Pachamanca - Gastro Obscura


In Peru, layers of potatoes, meat, and sweets are steamed in a pit filled with volcanic rocks.

Over the thousands of years that Andean cultures have been eating and cultivating potatoes, they have come to form the cornerstone of region’s culinary heritage. In fact, potatoes were such an important “fuel of empire,” that they were collected as taxes and transported by llama convoy to coastal villages where they were used as a form of currency. Along with this history, rituals have evolved to honor the life-sustaining tuber and the earth from which it comes. And one tradition that is still found throughout the region is pachamanca, a veritable feast of potatoes, meats, vegetables, and sweets that have been steamed in a stone-heated, herb-infused underground oven.

From the Quechua words for earth and pot, pachamanca is hardly your average barbecue, and making the buried feast requires strength, knowledge, patience, and some very special stones. To begin, the stone-and-sod oven is covered with a layer of volcanic rocks, known to withstand the heat of the fire without cracking. On top of the rocks, a layer of variously hued and flavored potatoes are added, often including the stark-white “freeze-dried” spuds known as chuños blancos. A second layer of rocks sets the long-cooking spuds sizzling and provides a new shelf for an assortment of marinated meats such as chicken, pork, lamb, and guinea pig. Covered in banana leaves and sandwiched using more volcanic rock, the meats begin to steam while sweeter foods that require less cooking time, such as plantain, pineapple, and corn tamales (made with sweetened condensed milk), occupy top-shelf status.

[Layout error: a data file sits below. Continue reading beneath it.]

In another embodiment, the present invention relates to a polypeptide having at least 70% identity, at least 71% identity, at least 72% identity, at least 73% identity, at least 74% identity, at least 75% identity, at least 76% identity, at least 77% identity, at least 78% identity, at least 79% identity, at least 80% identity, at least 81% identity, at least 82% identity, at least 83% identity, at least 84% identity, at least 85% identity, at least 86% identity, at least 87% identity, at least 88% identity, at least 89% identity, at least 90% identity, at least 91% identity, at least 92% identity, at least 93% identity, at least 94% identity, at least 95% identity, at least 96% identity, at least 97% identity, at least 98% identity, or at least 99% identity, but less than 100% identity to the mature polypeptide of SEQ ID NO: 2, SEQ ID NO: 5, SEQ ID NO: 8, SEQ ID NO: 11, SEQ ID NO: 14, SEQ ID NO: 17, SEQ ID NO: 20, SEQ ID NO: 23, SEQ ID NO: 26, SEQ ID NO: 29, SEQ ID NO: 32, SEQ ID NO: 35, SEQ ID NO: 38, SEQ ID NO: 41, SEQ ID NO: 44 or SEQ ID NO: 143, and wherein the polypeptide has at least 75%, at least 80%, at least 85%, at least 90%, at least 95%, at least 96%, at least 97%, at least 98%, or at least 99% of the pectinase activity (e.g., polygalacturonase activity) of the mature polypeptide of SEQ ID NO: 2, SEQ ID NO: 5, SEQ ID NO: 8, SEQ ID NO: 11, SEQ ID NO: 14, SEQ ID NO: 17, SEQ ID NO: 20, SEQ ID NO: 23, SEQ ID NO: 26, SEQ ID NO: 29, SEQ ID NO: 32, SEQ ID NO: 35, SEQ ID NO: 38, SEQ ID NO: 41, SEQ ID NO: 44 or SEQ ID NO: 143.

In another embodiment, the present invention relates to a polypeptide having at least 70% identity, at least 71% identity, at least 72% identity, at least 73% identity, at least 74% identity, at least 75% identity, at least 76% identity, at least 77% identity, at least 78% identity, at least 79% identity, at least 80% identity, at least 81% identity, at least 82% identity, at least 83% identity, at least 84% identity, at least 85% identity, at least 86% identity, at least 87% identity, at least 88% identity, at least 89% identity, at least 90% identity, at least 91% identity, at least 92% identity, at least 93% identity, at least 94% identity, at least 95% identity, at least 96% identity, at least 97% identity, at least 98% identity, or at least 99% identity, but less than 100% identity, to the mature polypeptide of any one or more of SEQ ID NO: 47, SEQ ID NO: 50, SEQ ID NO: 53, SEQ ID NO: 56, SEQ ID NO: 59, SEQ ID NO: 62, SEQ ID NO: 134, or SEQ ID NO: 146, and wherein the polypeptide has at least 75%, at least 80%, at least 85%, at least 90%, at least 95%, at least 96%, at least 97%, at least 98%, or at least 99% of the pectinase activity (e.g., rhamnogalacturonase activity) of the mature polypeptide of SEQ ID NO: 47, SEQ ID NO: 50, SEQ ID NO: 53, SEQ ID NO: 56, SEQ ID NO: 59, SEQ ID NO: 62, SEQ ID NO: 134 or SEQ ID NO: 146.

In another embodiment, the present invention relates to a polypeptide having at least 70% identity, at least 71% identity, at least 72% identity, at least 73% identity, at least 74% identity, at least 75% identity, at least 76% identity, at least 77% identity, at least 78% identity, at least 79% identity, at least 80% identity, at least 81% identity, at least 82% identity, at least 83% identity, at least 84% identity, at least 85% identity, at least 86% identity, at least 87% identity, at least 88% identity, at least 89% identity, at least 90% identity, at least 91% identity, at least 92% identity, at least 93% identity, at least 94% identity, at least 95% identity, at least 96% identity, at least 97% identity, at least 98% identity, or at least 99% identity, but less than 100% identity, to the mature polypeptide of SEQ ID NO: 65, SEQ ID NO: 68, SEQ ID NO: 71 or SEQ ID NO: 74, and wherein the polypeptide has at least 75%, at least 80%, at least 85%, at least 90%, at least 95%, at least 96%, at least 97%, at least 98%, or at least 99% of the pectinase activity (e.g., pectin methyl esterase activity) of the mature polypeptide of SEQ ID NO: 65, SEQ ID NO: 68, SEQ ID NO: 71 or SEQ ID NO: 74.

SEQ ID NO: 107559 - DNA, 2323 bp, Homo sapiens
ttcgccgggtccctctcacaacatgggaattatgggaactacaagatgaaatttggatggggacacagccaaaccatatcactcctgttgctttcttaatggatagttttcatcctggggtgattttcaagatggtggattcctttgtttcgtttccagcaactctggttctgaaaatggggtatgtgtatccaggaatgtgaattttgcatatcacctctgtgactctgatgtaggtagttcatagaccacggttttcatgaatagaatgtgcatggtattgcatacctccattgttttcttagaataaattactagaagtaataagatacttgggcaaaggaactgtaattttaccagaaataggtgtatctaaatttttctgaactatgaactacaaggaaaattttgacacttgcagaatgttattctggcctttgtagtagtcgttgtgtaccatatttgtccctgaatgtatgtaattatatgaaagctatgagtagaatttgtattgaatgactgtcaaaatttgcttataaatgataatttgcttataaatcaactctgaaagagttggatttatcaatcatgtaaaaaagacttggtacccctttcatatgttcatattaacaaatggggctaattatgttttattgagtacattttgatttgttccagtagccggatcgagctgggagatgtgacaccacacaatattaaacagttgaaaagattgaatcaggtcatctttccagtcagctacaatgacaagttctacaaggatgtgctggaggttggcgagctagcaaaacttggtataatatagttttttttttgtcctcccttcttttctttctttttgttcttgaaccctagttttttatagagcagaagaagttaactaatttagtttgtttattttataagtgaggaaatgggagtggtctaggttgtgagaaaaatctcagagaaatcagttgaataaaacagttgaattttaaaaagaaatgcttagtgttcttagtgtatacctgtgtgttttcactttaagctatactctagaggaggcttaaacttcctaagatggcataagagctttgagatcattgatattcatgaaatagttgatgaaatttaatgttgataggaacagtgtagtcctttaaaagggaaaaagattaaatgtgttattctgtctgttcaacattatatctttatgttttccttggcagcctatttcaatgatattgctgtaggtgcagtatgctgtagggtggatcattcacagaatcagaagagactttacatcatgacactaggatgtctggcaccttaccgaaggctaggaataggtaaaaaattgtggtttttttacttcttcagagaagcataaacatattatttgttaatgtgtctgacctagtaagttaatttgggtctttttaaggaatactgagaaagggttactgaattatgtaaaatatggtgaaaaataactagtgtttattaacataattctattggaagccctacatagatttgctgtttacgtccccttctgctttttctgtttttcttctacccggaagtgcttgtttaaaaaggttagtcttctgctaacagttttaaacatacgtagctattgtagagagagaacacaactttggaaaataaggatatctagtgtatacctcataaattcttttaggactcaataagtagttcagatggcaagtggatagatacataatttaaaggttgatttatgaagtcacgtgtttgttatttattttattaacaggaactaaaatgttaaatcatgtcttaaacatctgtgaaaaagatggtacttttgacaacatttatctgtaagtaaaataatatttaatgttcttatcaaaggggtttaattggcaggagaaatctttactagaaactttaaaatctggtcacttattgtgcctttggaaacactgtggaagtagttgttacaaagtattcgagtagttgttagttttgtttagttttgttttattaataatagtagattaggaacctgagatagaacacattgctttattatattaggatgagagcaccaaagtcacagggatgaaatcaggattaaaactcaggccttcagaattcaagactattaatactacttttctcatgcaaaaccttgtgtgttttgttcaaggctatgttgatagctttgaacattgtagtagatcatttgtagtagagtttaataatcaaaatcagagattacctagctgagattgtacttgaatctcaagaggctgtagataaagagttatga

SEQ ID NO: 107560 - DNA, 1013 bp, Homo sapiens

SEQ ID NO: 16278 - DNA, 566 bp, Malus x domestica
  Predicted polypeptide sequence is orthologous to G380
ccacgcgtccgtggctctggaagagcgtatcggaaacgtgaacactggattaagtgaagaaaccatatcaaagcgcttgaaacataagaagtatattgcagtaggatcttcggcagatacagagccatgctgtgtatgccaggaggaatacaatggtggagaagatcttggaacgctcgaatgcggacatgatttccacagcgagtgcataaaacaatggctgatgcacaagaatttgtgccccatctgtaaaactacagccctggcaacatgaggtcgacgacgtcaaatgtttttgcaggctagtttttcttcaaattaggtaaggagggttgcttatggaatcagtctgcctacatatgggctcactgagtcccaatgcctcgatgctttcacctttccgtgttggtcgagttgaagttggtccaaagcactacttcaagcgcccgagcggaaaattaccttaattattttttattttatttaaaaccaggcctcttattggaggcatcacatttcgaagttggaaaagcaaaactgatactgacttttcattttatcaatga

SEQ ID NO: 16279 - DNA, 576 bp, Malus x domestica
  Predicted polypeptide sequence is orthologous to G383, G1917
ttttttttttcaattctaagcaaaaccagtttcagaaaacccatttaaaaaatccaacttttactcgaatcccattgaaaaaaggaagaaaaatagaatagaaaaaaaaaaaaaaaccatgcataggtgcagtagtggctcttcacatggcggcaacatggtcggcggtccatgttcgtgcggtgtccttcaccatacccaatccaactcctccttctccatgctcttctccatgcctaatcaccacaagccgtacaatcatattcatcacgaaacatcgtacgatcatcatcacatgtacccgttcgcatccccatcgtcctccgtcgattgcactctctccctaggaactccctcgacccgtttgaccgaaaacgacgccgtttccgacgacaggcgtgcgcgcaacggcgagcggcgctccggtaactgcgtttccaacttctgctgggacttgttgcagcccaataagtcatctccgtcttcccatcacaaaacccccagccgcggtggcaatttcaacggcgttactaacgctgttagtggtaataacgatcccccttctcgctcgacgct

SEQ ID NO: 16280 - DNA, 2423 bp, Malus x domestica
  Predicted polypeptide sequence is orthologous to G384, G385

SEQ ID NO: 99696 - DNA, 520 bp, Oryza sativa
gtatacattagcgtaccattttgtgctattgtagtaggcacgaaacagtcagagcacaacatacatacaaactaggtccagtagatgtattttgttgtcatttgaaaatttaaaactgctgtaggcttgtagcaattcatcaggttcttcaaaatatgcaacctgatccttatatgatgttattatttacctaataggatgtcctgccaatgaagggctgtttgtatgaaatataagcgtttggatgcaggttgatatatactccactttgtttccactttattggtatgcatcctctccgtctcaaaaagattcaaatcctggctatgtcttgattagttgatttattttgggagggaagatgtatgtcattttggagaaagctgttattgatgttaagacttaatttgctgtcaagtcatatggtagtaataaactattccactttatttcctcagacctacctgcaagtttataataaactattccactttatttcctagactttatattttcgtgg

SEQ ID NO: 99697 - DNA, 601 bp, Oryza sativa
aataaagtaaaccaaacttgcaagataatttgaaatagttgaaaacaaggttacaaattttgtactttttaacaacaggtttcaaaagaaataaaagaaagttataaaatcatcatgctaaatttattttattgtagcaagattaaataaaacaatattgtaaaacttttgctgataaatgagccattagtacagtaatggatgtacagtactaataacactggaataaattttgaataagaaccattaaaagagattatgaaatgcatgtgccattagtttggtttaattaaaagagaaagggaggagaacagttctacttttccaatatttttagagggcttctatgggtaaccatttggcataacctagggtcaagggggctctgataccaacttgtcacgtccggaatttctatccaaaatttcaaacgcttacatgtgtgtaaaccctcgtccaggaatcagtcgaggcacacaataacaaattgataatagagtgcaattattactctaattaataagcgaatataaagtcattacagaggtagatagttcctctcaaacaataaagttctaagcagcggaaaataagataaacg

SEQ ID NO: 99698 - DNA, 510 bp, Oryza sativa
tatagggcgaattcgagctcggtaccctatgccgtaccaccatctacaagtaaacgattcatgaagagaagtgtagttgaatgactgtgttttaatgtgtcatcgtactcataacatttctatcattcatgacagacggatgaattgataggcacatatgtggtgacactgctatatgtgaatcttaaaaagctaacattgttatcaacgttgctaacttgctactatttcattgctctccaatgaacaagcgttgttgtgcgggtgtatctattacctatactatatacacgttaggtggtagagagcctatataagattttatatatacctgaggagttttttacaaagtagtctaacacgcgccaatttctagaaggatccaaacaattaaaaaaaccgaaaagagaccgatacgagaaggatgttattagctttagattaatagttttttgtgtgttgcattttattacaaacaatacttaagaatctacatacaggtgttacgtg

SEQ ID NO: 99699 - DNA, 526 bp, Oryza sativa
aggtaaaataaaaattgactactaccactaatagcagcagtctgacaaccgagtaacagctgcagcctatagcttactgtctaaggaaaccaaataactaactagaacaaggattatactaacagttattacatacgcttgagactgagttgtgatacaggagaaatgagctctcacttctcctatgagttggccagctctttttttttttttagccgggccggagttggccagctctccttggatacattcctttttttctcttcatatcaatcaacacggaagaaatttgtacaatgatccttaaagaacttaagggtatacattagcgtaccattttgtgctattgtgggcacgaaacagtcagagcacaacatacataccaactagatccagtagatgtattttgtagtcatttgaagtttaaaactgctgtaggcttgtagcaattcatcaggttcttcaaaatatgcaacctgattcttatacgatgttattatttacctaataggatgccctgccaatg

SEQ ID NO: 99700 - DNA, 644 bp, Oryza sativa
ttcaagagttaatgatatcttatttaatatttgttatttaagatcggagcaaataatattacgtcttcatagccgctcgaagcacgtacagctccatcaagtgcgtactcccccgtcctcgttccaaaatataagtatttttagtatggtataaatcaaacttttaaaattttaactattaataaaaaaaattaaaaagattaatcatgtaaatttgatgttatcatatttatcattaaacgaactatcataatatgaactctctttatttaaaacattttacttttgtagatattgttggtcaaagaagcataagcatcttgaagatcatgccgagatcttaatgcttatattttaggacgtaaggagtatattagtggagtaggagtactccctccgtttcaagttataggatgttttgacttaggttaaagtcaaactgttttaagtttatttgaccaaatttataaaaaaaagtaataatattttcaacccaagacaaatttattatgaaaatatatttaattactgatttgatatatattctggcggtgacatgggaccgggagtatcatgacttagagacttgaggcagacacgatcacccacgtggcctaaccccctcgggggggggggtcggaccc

With a smattering of fava beans and local herbs, the earthen oven is ready to be covered with a tarp and shovels full of dirt, then left alone so the heat, smoke, and aromatics can do their work. Pachamanca is, above all, a celebration of the harvest and a tribute to the female deity for mother earth, pachamama. Makers bury the ingredients underground, feeding the earth as an offering before digging in themselves. But once the fire and earth have had their fill, usually after one to three hours, a cornucopia of charred, moist, and smoky delights is ready to be unveiled. Enjoyed with a mug of the fermented corn brew known as chicha or a local beer, the pachamanca represents history, community, and plenty for all.

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